Larger tanks are actually much easier to care for than smaller tanks. The greater water volume means it will be a much more stable environment and will require less work to maintain. Imagine spilling a cup of coffee into the tank. In a 100 gallon tank, it’s a problem. In a 10 gallon tank, it’s a catastrophe!
Speaking of water quality…
Here’s a fun fact to tell your friends: ‘Goldfish don’t have stomachs!‘
They don’t actually store any food at all. Anything they eat literally goes straight through them. Because of this quirk of biology, goldfish produce A LOT of waste. They will dirty the water quickly and can easily overwhelm the biological filtration in your tank.
But the larger the tank you have, the less concentrated this waste will be!
Goldfish creating so much waste is also why filtration is so important in their tank. We prefer to double the amount of filtration the manufacturer recommends.
All filters sold at the live fish store will have a gallon rating on the box. If you are keeping a 40 gallon tank with a couple of fancies in it, we recommend at least 80 gallons worth of filtration. Like tank size, it’s almost impossible to have too much filtration in your tank. The only issue you might encounter would be too strong of a current from a canister or a hang-on-back type filter.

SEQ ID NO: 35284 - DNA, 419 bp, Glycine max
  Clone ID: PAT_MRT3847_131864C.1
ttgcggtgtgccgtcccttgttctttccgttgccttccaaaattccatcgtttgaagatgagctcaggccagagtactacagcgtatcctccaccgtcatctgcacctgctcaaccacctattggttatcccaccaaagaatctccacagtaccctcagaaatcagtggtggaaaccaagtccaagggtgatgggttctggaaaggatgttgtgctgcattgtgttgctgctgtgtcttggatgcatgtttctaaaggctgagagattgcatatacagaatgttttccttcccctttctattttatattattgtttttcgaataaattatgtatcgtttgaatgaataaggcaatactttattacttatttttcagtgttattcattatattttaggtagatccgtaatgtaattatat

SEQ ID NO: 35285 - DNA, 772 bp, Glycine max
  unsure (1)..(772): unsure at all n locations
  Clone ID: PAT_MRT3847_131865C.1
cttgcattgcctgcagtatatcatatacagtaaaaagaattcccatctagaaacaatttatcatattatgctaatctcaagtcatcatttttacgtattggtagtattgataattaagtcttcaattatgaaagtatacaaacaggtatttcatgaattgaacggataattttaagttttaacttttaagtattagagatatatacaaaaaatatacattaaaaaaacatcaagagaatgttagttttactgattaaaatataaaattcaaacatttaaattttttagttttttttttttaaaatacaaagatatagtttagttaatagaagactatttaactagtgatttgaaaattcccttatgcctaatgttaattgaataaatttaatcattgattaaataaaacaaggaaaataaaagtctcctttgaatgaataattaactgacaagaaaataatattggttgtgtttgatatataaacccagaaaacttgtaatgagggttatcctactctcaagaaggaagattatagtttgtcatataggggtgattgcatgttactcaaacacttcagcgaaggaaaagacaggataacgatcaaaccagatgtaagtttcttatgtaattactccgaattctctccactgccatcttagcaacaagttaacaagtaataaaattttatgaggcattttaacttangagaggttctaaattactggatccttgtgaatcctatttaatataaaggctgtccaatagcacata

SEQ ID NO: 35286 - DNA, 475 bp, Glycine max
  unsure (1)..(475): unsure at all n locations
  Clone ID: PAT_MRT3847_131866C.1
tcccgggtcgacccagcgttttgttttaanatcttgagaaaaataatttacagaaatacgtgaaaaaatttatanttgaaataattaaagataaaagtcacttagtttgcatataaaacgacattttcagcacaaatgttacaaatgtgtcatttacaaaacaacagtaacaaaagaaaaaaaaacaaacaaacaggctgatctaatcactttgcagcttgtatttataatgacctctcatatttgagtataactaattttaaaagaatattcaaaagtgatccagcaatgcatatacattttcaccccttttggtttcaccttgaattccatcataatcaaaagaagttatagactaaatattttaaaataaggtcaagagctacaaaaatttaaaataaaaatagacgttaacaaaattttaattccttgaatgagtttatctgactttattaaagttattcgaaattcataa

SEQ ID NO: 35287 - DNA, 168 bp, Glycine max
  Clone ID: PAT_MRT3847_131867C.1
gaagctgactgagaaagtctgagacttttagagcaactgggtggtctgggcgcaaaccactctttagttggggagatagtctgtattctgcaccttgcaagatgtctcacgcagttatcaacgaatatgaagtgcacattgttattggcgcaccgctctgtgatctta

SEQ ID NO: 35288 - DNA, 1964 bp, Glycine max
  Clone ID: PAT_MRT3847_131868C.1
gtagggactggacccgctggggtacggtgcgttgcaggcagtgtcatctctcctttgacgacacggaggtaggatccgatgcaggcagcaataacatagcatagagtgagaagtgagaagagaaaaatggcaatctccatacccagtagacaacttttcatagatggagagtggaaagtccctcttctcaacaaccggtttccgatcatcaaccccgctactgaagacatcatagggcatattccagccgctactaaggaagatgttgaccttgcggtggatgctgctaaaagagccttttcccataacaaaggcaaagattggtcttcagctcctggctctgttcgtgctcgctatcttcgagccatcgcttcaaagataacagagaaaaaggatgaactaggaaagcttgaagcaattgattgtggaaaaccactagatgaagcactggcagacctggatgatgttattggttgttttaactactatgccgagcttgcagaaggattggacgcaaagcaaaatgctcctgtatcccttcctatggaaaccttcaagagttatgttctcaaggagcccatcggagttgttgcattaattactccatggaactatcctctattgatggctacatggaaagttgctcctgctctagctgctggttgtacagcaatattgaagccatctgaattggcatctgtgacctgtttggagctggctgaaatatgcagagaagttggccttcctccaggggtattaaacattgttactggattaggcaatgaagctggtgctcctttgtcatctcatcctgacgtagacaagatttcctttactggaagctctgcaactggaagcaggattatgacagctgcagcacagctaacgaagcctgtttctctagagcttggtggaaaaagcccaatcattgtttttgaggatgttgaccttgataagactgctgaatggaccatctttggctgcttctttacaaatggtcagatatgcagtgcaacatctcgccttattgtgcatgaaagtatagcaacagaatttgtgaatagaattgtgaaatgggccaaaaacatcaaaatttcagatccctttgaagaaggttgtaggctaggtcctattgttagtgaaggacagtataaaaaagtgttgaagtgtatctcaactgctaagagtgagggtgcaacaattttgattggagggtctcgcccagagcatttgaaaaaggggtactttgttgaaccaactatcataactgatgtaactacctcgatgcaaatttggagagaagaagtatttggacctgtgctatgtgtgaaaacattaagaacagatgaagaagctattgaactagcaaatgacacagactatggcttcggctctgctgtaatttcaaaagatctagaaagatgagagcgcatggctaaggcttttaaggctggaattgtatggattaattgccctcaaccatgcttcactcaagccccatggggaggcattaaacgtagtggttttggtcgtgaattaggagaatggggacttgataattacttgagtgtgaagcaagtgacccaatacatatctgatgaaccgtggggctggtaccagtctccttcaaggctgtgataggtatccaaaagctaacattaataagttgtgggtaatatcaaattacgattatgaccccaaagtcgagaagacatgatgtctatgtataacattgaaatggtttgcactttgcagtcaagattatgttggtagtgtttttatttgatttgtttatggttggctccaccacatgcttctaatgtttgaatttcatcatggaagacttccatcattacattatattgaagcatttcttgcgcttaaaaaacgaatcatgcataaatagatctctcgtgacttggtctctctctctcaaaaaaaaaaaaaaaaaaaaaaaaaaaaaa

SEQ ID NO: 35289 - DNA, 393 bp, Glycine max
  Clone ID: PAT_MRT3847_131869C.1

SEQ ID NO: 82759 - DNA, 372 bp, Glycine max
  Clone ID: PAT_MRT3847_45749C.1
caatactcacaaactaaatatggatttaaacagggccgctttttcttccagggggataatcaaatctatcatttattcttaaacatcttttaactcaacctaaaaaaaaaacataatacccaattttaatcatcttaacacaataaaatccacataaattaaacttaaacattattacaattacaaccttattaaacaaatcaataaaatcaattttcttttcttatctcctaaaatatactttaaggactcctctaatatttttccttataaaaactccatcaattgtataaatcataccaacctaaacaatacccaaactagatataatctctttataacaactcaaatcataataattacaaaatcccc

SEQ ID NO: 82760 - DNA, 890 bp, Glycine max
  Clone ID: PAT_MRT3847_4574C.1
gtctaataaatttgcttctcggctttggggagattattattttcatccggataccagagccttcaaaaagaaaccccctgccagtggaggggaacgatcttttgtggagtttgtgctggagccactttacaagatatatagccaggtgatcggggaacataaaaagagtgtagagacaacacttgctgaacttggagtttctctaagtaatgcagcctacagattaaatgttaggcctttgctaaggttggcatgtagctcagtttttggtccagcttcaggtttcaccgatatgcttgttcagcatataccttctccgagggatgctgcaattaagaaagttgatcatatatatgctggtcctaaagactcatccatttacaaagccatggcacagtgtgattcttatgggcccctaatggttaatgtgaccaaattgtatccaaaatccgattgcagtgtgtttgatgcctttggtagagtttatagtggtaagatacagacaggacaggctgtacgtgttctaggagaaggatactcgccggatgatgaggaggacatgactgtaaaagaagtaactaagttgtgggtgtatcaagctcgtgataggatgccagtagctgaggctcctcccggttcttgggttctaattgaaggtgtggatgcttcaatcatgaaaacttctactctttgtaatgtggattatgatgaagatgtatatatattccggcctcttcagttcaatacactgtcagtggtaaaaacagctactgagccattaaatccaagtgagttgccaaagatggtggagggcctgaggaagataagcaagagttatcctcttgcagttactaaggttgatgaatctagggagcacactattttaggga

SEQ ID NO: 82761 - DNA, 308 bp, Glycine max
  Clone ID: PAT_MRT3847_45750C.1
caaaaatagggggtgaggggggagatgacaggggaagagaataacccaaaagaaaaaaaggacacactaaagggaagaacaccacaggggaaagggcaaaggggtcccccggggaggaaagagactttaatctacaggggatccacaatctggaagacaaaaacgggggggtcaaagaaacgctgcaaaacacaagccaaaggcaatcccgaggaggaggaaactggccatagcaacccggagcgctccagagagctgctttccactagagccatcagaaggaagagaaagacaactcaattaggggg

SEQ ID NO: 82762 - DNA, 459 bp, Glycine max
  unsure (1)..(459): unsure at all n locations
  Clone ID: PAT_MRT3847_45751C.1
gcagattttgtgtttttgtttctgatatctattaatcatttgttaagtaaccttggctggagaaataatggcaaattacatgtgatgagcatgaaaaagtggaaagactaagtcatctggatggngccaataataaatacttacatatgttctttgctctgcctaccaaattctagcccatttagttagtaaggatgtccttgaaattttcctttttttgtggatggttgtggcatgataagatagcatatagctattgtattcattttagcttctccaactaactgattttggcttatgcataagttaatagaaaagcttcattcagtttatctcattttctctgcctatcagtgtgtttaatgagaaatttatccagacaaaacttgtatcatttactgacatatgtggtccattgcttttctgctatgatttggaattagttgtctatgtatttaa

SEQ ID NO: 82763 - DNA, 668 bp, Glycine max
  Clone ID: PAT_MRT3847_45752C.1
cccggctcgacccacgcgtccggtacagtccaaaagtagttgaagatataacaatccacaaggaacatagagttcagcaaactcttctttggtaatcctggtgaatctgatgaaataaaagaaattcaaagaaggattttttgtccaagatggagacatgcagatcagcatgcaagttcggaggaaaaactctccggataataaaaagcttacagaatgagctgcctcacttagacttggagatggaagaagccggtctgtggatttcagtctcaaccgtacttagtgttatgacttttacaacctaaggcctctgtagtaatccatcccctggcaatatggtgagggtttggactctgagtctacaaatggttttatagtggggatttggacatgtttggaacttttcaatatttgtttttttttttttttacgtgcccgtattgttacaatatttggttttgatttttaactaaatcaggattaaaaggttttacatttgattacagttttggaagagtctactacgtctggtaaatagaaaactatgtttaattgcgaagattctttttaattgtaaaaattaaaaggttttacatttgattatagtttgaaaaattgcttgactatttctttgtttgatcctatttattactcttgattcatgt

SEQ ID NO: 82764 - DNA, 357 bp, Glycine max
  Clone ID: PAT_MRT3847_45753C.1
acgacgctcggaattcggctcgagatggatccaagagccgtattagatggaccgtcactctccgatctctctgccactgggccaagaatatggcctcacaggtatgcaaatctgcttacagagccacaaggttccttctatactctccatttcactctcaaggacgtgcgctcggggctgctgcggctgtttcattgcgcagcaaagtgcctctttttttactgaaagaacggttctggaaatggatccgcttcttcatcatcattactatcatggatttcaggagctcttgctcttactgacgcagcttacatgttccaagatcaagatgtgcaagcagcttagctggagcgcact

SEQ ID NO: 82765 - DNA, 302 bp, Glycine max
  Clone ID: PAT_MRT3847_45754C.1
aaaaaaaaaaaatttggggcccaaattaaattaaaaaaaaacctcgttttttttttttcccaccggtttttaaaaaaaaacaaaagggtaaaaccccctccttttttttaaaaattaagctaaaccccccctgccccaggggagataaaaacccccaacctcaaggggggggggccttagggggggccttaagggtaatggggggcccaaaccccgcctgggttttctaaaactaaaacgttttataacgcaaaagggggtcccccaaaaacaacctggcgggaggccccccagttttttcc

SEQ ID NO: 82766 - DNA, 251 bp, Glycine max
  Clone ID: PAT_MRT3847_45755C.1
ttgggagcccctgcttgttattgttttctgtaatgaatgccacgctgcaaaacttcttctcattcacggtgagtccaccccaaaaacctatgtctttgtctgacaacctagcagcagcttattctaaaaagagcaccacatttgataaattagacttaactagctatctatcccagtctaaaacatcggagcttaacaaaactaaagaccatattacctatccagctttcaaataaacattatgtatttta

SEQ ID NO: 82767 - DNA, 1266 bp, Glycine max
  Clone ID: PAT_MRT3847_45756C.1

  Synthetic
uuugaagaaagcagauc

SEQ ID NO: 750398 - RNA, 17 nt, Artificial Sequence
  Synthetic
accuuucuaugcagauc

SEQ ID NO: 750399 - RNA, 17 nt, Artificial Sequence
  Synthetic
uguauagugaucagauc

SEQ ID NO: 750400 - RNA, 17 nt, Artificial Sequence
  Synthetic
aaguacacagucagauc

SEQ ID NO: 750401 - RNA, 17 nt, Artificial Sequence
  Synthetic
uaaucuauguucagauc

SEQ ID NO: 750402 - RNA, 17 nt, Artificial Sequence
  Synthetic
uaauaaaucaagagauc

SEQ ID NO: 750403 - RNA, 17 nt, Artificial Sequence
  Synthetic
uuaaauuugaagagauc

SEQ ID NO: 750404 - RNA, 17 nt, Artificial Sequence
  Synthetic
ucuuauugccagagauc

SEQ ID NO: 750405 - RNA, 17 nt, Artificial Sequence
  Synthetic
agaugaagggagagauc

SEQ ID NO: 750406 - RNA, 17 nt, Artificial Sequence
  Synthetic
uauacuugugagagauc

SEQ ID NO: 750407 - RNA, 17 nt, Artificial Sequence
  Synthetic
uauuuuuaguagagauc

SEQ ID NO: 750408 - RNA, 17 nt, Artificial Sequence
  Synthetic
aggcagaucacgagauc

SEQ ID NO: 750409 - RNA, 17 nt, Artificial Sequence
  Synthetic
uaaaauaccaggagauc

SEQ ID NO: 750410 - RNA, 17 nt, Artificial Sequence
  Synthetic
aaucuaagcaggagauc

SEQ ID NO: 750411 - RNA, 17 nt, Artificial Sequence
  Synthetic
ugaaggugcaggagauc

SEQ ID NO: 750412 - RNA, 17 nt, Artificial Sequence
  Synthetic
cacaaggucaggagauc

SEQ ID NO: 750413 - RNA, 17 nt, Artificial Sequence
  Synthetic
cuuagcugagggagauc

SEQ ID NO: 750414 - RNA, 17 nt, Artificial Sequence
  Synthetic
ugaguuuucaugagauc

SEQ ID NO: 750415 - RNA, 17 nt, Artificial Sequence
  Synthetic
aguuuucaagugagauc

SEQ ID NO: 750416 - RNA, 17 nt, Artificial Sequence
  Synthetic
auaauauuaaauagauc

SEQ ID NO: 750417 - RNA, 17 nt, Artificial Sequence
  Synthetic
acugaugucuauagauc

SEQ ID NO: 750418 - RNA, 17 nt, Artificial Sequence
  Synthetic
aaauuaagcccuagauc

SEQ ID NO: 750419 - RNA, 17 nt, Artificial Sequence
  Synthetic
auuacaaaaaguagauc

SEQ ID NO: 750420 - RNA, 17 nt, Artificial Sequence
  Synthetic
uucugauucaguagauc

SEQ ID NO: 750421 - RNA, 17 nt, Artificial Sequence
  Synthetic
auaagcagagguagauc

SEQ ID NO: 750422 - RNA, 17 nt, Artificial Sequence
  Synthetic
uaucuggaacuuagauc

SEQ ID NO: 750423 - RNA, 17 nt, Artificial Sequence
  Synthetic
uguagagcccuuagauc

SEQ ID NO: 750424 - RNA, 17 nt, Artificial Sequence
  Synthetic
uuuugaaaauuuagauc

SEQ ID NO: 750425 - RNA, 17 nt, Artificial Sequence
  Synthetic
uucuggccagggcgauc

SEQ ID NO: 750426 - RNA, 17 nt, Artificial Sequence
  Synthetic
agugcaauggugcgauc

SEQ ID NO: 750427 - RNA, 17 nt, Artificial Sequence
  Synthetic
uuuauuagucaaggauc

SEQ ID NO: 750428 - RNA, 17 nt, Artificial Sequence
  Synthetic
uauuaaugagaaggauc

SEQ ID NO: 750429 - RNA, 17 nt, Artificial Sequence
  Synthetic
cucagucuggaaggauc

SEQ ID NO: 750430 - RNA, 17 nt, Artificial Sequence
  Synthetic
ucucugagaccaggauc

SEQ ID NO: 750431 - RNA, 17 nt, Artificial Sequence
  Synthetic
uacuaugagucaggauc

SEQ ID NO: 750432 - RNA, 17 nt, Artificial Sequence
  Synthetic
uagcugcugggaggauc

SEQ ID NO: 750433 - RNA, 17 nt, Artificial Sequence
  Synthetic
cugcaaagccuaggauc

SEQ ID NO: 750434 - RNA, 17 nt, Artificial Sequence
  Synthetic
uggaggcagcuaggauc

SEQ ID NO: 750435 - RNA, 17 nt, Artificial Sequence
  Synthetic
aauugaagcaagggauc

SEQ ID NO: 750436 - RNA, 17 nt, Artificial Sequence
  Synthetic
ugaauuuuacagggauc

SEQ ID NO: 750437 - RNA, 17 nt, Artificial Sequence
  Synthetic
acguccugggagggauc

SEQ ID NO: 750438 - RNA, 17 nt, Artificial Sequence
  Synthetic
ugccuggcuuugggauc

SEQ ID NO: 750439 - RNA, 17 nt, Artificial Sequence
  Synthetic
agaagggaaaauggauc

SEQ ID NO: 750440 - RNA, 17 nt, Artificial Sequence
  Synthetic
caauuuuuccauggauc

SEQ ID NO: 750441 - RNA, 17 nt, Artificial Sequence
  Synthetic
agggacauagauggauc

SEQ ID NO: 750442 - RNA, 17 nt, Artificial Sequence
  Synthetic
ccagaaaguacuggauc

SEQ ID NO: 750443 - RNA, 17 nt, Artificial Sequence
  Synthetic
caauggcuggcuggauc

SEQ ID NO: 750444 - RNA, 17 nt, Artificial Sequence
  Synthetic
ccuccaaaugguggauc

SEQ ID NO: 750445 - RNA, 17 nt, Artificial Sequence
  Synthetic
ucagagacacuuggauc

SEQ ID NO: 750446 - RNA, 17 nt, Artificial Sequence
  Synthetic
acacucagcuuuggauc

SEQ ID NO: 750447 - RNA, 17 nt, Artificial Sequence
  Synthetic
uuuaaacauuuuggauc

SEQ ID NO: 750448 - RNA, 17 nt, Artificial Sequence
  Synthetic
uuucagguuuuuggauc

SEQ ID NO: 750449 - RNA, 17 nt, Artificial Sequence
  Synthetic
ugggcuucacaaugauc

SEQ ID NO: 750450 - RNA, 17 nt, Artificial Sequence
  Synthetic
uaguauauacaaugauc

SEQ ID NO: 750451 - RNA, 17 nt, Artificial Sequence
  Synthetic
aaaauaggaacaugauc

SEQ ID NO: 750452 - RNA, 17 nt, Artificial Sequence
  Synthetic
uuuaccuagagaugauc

In addition, water changes are very important in goldfish tanks. We recommend 30-50% changes at least once a week. A good motto is, “When in doubt, change the water.”
Enrich Their Environment
There is an old myth that goldfish have a 3 second memory (There’s so many myths eh?!). Supposedly they never get bored because they don’t remember they’ve seen it all before. “Hey look, a castle! Hey look, a castle! I wonder what’s over here…hey look, a castle!”
In fact, goldfish have been shown to have a memory up to 3 months long. They even recognize faces and get to know their owners. So spice up their tank!
Add some decorations, driftwood, even some suitable plants. They will appreciate having a more interesting and engaging place to explore. This will also allow them to act and behave more naturally, foraging and investigating areas in different ways, thereby enriching their lives.
Final Thoughts On Goldfish Tank Size Requirements
So now that we’ve dispelled some of the most common goldfish myths you should know NEVER to keep them in a bowl!
Make sure your goldfish have plenty of water and plenty of room by buying for them a nice, big tank, and keep that water sparkling clean.
It may seem a bit daunting at first, an expensive tank and weekly water changes but tanks really aren’t that expensive and once you learn a routine, it really is a simple task and the rewards of a healthy and beautiful fish are more than worth it.
Happy Fish keeping!